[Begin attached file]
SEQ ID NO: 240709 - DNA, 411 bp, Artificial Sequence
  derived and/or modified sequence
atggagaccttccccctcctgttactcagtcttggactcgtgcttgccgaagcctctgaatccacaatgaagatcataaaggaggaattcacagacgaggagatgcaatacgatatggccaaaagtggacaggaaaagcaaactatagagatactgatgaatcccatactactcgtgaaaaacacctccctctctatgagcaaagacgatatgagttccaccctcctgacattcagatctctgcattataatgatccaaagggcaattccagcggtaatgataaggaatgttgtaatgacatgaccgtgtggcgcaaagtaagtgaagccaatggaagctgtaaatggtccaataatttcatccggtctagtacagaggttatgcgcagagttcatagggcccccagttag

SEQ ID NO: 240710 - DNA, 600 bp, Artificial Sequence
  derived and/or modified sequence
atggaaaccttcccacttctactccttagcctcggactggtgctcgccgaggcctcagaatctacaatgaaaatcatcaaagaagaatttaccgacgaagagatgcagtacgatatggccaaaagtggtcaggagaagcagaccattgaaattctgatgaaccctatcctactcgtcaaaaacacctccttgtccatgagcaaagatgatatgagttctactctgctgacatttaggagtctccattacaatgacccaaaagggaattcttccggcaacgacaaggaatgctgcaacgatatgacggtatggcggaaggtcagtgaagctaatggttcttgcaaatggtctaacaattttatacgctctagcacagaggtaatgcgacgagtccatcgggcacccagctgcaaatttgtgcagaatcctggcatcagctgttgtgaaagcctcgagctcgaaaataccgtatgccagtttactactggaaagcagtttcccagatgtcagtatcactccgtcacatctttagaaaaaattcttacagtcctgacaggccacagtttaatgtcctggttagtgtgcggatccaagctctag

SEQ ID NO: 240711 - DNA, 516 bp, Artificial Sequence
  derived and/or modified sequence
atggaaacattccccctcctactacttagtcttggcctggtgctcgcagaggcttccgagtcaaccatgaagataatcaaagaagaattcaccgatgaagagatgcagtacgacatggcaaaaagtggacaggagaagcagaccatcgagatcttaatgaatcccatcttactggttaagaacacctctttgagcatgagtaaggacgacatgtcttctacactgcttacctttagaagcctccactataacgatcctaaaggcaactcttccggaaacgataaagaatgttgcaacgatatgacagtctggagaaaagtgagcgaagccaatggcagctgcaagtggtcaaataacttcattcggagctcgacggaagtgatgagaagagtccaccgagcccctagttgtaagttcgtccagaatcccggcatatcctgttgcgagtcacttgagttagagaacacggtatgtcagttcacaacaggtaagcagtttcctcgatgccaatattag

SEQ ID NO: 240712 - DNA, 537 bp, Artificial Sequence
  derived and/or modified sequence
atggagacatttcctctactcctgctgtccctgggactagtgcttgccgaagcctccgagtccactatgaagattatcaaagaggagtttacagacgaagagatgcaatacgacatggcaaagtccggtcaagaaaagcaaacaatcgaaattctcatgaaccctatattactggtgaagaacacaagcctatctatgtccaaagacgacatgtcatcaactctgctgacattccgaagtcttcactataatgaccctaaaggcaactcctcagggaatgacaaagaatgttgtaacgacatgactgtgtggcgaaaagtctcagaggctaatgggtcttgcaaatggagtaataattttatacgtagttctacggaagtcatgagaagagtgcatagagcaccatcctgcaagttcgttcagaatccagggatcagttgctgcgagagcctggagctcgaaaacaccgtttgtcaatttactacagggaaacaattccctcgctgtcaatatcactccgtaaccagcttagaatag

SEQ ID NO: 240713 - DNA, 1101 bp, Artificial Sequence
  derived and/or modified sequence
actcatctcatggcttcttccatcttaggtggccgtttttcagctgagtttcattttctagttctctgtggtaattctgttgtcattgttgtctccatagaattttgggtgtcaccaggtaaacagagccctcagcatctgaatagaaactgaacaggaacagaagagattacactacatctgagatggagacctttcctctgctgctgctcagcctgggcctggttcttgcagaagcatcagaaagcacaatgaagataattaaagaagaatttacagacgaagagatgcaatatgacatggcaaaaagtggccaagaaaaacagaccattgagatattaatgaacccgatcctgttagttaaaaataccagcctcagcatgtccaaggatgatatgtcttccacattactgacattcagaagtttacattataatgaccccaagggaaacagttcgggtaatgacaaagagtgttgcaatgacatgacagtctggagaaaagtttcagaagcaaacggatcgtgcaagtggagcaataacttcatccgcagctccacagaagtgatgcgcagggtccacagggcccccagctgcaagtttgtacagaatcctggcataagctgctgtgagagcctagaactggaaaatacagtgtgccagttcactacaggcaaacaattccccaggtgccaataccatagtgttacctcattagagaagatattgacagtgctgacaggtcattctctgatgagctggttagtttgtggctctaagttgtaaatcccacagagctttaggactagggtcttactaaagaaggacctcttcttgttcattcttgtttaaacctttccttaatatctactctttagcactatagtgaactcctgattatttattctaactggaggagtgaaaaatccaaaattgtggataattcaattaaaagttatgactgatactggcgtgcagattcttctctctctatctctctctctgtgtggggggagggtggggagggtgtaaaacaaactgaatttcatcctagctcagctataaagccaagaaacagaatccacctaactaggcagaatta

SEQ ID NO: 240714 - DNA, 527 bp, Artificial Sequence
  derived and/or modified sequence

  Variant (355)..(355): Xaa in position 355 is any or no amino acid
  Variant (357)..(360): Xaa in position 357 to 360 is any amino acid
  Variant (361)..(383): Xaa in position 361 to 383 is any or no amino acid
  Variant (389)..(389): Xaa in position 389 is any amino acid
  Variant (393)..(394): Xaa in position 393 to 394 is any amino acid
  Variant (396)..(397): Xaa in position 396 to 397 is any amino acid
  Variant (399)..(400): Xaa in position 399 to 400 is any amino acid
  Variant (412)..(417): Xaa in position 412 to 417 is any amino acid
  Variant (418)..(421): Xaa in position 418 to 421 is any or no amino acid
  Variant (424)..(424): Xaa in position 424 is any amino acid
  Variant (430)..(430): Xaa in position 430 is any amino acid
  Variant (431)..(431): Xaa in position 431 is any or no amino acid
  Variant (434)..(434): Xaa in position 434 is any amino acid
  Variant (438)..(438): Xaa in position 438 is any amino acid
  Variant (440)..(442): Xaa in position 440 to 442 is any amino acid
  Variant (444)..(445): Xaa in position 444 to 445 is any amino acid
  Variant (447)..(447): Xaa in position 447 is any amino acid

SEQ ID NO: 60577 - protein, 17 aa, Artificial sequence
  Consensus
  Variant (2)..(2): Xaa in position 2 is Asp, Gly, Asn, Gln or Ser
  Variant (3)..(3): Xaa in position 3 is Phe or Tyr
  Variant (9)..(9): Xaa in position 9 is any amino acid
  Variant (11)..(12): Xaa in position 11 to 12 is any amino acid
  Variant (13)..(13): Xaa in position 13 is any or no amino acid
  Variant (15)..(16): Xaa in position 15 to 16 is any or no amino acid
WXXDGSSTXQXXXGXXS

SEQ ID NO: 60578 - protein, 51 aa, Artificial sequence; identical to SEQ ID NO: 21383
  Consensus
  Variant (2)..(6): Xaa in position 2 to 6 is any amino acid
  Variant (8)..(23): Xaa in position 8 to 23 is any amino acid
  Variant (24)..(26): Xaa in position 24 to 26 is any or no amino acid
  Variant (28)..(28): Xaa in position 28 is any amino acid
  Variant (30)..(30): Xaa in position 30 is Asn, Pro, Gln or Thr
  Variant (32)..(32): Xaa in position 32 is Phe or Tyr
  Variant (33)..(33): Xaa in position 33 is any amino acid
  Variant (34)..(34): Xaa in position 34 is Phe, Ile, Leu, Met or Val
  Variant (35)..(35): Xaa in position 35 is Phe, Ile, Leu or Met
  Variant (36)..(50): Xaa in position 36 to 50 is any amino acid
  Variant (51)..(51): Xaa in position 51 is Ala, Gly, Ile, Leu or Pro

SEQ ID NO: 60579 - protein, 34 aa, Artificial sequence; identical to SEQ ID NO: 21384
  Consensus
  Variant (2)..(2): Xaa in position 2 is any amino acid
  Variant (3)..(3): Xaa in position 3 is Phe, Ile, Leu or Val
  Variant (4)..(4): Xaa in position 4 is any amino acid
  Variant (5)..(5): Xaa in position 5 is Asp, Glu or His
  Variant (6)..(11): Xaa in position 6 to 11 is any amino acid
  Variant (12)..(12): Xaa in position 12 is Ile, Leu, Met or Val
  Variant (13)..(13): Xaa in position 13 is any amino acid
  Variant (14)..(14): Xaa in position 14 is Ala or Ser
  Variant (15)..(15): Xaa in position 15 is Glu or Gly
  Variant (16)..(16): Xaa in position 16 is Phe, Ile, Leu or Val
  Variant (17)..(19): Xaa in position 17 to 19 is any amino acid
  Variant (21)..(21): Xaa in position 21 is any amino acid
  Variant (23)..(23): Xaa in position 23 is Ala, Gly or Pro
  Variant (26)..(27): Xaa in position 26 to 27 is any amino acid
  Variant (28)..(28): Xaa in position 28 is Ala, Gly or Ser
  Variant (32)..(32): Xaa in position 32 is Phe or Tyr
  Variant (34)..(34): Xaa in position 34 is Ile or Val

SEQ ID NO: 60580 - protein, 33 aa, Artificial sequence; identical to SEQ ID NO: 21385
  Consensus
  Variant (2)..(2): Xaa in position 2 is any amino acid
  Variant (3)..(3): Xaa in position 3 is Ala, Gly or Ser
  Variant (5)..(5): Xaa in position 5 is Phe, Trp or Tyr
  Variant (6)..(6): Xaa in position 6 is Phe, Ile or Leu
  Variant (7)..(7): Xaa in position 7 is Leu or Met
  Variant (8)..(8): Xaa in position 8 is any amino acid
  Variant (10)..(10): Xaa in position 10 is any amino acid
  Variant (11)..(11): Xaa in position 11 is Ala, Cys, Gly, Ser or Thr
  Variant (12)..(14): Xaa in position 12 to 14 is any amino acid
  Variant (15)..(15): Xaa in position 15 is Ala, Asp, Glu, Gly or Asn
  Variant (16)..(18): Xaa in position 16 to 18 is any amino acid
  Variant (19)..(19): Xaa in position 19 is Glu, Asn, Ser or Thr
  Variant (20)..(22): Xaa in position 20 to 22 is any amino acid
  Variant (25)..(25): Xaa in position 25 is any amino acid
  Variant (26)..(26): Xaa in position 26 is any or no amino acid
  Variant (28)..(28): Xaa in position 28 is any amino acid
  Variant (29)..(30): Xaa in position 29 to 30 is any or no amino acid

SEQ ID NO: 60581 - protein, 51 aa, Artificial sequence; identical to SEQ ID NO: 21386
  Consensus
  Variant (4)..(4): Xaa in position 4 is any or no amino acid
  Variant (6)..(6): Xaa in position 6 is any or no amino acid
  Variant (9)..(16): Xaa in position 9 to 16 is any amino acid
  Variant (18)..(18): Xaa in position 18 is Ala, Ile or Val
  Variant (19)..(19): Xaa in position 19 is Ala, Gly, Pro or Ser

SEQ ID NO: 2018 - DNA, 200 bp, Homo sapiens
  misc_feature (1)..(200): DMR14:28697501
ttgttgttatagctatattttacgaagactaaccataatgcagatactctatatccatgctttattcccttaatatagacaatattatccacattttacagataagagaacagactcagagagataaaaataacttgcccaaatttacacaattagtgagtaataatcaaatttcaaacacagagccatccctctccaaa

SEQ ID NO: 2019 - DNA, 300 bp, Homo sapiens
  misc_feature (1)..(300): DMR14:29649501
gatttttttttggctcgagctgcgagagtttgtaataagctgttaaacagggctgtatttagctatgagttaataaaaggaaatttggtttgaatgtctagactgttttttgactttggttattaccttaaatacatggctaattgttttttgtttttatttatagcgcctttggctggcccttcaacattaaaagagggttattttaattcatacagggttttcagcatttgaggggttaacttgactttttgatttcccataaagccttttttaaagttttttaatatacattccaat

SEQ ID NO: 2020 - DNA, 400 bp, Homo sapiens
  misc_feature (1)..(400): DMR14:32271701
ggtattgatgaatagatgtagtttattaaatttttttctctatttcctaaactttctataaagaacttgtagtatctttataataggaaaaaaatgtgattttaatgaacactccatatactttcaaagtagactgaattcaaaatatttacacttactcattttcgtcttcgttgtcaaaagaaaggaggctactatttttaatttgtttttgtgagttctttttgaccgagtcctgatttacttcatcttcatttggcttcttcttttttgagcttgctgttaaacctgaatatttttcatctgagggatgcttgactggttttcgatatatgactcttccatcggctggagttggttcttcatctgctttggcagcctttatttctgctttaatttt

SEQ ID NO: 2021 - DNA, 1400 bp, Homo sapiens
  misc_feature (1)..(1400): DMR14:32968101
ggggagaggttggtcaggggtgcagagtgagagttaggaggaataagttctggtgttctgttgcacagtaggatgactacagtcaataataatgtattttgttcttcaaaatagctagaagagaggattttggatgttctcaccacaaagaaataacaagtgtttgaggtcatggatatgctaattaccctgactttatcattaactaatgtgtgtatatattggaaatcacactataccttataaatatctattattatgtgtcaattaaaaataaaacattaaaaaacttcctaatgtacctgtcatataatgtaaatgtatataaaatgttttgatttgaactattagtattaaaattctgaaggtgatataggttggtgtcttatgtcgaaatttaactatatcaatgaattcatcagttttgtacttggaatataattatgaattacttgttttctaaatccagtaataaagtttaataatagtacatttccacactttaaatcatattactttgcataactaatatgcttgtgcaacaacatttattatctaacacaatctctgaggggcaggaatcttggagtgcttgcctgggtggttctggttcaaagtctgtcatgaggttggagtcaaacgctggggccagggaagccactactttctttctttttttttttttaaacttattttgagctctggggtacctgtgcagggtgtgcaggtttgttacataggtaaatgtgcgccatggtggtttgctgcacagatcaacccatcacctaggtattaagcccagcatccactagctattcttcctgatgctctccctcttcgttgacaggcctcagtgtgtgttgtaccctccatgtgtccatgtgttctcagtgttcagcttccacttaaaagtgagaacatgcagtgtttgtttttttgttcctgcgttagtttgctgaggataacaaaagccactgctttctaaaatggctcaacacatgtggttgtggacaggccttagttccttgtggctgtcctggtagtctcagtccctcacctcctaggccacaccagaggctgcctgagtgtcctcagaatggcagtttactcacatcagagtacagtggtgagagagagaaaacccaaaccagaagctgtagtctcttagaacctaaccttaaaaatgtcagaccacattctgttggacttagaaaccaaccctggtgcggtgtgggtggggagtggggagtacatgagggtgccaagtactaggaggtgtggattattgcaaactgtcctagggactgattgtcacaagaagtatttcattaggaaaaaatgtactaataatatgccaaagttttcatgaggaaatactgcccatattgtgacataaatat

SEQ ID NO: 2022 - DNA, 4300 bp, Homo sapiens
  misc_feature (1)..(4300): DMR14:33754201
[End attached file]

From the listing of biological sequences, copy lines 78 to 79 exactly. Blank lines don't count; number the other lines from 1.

  Variant (2)..(2): Xaa in position 2 is any amino acid
  Variant (3)..(3): Xaa in position 3 is Ala, Gly or Ser